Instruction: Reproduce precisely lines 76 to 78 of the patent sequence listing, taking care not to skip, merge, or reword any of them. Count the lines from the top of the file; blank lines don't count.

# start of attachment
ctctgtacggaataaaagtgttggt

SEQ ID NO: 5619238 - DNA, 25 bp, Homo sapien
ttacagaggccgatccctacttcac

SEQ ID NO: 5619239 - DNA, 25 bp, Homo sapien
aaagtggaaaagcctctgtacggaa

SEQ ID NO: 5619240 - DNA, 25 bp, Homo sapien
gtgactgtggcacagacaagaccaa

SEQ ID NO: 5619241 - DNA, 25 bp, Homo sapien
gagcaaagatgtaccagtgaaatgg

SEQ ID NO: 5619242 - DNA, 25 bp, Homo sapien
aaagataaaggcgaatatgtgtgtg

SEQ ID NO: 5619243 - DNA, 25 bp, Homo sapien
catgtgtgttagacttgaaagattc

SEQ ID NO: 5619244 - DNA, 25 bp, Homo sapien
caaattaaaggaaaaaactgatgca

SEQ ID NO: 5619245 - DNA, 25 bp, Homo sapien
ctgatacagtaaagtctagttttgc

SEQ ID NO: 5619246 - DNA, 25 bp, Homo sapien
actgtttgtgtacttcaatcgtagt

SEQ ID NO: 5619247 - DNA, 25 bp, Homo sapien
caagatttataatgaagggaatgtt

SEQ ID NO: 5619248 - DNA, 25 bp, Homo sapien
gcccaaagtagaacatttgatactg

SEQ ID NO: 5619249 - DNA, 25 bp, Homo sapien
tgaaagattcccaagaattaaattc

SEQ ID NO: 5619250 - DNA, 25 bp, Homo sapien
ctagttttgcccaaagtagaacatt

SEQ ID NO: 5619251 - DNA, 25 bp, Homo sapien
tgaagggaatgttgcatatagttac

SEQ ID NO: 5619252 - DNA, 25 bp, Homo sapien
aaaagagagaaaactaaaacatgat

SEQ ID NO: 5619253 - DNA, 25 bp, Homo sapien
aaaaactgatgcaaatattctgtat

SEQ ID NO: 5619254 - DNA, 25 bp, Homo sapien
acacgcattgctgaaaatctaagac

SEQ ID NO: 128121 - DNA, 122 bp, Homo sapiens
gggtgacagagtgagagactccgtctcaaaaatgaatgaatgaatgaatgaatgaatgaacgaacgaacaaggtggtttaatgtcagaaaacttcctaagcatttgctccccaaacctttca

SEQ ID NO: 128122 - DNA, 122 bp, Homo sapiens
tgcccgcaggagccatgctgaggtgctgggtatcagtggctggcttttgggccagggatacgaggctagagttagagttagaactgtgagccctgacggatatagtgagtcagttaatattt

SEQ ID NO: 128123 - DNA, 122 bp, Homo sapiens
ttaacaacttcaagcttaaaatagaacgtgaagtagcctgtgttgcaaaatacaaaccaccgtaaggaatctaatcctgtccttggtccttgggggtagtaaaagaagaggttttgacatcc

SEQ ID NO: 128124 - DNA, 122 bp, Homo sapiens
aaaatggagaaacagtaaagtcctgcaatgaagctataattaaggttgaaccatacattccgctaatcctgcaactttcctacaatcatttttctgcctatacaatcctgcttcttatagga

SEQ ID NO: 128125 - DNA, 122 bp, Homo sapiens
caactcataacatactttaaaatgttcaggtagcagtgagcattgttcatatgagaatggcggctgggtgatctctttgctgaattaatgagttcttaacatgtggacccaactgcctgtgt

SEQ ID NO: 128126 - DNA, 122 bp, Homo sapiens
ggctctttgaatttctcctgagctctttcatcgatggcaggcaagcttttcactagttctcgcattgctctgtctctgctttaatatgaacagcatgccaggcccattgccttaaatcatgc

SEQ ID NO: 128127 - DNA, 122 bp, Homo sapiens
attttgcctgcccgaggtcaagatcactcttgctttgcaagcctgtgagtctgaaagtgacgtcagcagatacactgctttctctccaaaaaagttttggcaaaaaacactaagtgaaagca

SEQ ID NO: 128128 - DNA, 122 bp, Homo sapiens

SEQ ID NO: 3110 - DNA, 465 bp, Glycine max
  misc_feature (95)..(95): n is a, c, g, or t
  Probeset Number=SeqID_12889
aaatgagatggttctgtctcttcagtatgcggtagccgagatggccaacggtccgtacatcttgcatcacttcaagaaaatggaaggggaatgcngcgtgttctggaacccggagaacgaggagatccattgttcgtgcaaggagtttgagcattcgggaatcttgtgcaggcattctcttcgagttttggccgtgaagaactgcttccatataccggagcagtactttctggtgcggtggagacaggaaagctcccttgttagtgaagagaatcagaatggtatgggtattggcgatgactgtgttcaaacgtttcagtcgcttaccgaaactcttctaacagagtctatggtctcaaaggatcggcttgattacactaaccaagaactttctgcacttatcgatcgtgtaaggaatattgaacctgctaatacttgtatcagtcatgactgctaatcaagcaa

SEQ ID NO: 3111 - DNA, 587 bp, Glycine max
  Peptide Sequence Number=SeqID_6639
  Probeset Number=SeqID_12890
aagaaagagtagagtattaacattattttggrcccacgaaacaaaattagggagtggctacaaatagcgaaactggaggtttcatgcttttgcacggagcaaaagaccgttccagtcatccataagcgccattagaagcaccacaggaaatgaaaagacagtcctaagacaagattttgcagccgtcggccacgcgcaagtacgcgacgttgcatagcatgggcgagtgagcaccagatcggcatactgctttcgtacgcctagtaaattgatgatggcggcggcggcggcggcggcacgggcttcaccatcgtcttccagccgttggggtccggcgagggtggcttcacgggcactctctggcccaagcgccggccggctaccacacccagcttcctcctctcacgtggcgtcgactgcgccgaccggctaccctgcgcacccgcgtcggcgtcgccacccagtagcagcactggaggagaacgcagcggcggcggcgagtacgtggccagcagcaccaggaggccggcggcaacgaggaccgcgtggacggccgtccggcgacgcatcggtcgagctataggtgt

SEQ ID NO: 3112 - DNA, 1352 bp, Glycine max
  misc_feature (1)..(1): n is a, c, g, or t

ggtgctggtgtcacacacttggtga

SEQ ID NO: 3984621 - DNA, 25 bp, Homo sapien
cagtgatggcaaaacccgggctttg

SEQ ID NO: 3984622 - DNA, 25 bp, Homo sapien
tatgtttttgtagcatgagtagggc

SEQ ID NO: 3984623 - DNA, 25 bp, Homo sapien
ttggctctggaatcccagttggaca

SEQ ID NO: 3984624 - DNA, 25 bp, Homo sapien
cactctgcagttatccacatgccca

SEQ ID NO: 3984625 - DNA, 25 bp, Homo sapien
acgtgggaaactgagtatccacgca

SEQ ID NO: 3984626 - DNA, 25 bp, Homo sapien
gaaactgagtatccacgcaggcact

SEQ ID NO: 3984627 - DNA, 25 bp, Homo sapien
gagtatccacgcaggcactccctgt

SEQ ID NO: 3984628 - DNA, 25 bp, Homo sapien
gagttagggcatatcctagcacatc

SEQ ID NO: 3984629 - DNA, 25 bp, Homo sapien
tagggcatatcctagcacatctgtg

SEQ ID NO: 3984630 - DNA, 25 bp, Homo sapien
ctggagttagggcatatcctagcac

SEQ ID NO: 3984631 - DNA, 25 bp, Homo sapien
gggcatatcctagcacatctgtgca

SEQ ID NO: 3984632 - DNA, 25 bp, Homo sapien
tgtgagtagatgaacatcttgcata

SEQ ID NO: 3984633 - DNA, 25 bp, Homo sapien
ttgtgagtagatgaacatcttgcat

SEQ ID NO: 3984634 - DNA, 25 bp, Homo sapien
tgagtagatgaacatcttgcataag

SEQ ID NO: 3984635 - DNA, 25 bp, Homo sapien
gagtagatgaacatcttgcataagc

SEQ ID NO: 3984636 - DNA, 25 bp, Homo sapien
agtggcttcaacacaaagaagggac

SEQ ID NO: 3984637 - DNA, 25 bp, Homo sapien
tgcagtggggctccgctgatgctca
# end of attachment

SEQ ID NO: 3984628 - DNA, 25 bp, Homo sapien
gagttagggcatatcctagcacatc

SEQ ID NO: 3984629 - DNA, 25 bp, Homo sapien